Friday, December 4, 2015

Transport Act Agreed to Try to Rescue Crumbling US Infrastructure

Bill Must be the Slowest FAST Fix in History
Shipping News Feature
US – At long last, significant progress has been made by lawmakers in the US to come up with a long term resolution to the ever growing funding gap for the country's deteriorating infrastructure, with Congress clearing a five-year, $305 billion highway bill that will fund improvements to crumbling highways and reopen the Export-Import Bank. The funding for this bill, ironically named the FAST (Fixing America’s Surface Transportation) Act (having taken seven years to get to this point) remains an issue, just as it was with the numerous proposals put forth previously, with this Act allocating funds from the Federal Reserve.

The Highway Trust Fund has been relying on short term patches since 2008 to prop up a package that is financed mainly through a gas tax revenue that has failed to keep up with inflation. After 36 patches totalling more than $70 billion, the Act will appropriate around $70 billion from sources other than a raise in the Gas Tax (a subject that chills the blood of most US politicians) with the vast majority of the new financing relying on the Federal Reserve surplus funds, a decision Chair of the Board of Governors of the Federal Reserve System Janet Yellan opposed.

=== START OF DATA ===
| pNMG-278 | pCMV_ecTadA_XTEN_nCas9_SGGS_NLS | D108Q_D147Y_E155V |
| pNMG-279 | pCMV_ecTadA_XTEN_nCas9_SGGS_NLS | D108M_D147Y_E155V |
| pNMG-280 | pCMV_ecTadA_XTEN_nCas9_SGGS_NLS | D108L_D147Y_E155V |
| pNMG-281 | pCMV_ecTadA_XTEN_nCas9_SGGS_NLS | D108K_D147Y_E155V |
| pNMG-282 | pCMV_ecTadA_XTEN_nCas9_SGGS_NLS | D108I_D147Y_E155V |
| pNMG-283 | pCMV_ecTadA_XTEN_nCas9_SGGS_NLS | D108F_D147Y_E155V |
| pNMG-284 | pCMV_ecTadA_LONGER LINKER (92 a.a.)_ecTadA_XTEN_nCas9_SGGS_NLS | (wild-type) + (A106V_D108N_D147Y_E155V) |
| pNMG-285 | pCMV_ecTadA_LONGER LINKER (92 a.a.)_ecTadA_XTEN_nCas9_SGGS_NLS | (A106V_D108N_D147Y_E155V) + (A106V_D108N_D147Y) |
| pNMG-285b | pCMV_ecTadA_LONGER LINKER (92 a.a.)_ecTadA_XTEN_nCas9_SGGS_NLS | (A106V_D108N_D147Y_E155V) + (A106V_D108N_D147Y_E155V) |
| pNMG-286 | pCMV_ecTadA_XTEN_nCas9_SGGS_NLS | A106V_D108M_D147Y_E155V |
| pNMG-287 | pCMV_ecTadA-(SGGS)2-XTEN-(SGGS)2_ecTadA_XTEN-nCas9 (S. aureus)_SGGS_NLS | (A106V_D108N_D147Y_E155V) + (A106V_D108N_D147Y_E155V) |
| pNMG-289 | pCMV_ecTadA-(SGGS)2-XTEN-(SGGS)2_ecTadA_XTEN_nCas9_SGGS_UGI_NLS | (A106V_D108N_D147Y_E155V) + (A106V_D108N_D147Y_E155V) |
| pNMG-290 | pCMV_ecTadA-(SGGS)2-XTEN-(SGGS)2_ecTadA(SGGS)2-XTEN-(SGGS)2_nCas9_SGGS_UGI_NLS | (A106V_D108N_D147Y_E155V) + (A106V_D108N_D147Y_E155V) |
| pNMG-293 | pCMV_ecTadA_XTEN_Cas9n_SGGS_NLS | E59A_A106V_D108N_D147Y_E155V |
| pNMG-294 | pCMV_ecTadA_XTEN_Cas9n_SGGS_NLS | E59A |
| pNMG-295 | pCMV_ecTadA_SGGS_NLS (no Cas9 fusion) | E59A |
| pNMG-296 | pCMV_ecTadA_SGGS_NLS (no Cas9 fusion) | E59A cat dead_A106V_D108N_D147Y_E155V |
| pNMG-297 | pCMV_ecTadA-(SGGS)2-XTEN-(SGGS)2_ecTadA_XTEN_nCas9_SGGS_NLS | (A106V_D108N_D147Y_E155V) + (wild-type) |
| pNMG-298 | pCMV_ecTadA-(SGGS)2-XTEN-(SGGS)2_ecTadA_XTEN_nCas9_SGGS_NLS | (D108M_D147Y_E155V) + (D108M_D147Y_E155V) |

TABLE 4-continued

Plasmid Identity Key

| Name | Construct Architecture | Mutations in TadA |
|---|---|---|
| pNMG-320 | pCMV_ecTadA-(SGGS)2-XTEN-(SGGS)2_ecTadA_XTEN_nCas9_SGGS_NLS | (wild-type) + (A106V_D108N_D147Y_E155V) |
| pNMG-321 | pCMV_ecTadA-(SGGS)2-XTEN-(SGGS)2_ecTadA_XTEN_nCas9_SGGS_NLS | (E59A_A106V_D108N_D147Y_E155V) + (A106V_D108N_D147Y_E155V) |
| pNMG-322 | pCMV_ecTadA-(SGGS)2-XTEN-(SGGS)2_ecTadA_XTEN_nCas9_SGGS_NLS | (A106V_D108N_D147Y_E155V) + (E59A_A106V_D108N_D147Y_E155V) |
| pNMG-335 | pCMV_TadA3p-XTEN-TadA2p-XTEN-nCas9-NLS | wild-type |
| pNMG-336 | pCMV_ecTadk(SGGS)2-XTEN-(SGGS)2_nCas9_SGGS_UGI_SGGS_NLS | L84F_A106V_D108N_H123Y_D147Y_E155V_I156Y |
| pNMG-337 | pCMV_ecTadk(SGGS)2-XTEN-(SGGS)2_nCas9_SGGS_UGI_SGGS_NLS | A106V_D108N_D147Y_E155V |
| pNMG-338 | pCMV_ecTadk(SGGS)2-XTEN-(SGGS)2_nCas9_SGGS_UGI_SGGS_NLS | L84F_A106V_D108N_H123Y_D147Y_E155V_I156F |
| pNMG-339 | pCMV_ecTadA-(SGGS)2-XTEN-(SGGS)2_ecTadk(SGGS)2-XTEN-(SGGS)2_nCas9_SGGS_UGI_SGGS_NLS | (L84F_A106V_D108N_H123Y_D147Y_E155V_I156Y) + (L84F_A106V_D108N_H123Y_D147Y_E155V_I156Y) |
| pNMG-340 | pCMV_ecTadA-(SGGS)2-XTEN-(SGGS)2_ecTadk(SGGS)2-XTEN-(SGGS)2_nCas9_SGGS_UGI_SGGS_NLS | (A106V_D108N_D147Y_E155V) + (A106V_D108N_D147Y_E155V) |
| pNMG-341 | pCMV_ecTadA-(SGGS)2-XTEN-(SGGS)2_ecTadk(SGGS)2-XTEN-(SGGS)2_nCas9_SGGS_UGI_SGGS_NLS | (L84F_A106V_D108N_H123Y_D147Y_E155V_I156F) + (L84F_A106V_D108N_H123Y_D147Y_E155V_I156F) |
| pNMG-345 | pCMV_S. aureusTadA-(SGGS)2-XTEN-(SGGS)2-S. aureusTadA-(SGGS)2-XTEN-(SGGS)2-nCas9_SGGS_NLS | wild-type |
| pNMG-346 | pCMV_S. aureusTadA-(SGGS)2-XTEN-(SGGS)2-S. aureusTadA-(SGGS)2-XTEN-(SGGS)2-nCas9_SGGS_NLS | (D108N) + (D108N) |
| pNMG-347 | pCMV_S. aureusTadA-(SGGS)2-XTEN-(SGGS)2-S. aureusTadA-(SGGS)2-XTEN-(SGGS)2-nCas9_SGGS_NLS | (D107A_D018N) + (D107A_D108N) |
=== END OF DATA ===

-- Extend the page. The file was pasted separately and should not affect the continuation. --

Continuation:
The FAST Act calls for spending of around $205 billion on highways and $48 billion on transit projects between 2016 and 2020. It also re-authorises the Export-Import Bank to operate after it was allowed to expire in June. This agency helps US companies with foreign competitors and has now had its charter renewed through September 30, 2019, but with a lower lending limit among other reforms.

The bill is now on its way to President Obama who is expected to sign before the last Highways Trust Fund patch expires on December 4.

Photo: North Highway 89, Arizona after roadway collapse in February 2013.